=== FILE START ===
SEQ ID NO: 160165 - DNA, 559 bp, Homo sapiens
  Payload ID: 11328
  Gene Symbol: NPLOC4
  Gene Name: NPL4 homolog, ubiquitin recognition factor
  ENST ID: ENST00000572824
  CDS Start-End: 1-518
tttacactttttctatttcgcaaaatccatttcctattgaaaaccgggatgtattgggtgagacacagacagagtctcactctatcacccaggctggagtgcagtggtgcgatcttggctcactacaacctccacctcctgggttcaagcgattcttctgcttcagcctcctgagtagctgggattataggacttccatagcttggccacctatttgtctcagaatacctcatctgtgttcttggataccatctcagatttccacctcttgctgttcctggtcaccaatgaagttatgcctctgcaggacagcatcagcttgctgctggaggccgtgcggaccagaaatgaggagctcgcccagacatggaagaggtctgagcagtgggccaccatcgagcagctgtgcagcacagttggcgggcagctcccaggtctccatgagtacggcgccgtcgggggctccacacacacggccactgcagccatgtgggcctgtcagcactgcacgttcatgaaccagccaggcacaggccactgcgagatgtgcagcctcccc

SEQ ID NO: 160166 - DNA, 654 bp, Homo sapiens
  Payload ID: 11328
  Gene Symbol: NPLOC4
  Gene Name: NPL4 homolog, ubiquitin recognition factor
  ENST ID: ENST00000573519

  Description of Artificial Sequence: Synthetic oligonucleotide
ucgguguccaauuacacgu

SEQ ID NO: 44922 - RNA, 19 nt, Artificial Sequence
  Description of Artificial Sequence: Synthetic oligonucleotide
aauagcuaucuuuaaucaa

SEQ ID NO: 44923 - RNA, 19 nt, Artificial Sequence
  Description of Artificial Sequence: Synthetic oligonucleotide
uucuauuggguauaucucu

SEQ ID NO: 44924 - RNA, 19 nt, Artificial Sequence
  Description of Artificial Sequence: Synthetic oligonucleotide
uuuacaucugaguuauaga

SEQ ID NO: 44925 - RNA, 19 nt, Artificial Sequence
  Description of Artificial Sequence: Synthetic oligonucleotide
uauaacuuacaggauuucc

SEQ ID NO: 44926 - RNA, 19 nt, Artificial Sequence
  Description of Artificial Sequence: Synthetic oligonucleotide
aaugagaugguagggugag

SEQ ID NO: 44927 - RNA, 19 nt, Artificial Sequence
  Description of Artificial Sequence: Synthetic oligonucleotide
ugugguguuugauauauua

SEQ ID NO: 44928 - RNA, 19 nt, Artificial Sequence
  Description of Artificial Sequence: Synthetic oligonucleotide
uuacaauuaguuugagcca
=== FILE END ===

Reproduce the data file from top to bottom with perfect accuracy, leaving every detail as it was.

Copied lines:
SEQ ID NO: 160165 - DNA, 559 bp, Homo sapiens
  Payload ID: 11328
  Gene Symbol: NPLOC4
  Gene Name: NPL4 homolog, ubiquitin recognition factor
  ENST ID: ENST00000572824
  CDS Start-End: 1-518
tttacactttttctatttcgcaaaatccatttcctattgaaaaccgggatgtattgggtgagacacagacagagtctcactctatcacccaggctggagtgcagtggtgcgatcttggctcactacaacctccacctcctgggttcaagcgattcttctgcttcagcctcctgagtagctgggattataggacttccatagcttggccacctatttgtctcagaatacctcatctgtgttcttggataccatctcagatttccacctcttgctgttcctggtcaccaatgaagttatgcctctgcaggacagcatcagcttgctgctggaggccgtgcggaccagaaatgaggagctcgcccagacatggaagaggtctgagcagtgggccaccatcgagcagctgtgcagcacagttggcgggcagctcccaggtctccatgagtacggcgccgtcgggggctccacacacacggccactgcagccatgtgggcctgtcagcactgcacgttcatgaaccagccaggcacaggccactgcgagatgtgcagcctcccc

SEQ ID NO: 160166 - DNA, 654 bp, Homo sapiens
  Payload ID: 11328
  Gene Symbol: NPLOC4
  Gene Name: NPL4 homolog, ubiquitin recognition factor
  ENST ID: ENST00000573519

  Description of Artificial Sequence: Synthetic oligonucleotide
ucgguguccaauuacacgu

SEQ ID NO: 44922 - RNA, 19 nt, Artificial Sequence
  Description of Artificial Sequence: Synthetic oligonucleotide
aauagcuaucuuuaaucaa

SEQ ID NO: 44923 - RNA, 19 nt, Artificial Sequence
  Description of Artificial Sequence: Synthetic oligonucleotide
uucuauuggguauaucucu

SEQ ID NO: 44924 - RNA, 19 nt, Artificial Sequence
  Description of Artificial Sequence: Synthetic oligonucleotide
uuuacaucugaguuauaga

SEQ ID NO: 44925 - RNA, 19 nt, Artificial Sequence
  Description of Artificial Sequence: Synthetic oligonucleotide
uauaacuuacaggauuucc

SEQ ID NO: 44926 - RNA, 19 nt, Artificial Sequence
  Description of Artificial Sequence: Synthetic oligonucleotide
aaugagaugguagggugag

SEQ ID NO: 44927 - RNA, 19 nt, Artificial Sequence
  Description of Artificial Sequence: Synthetic oligonucleotide
ugugguguuugauauauua

SEQ ID NO: 44928 - RNA, 19 nt, Artificial Sequence
  Description of Artificial Sequence: Synthetic oligonucleotide
uuacaauuaguuugagcca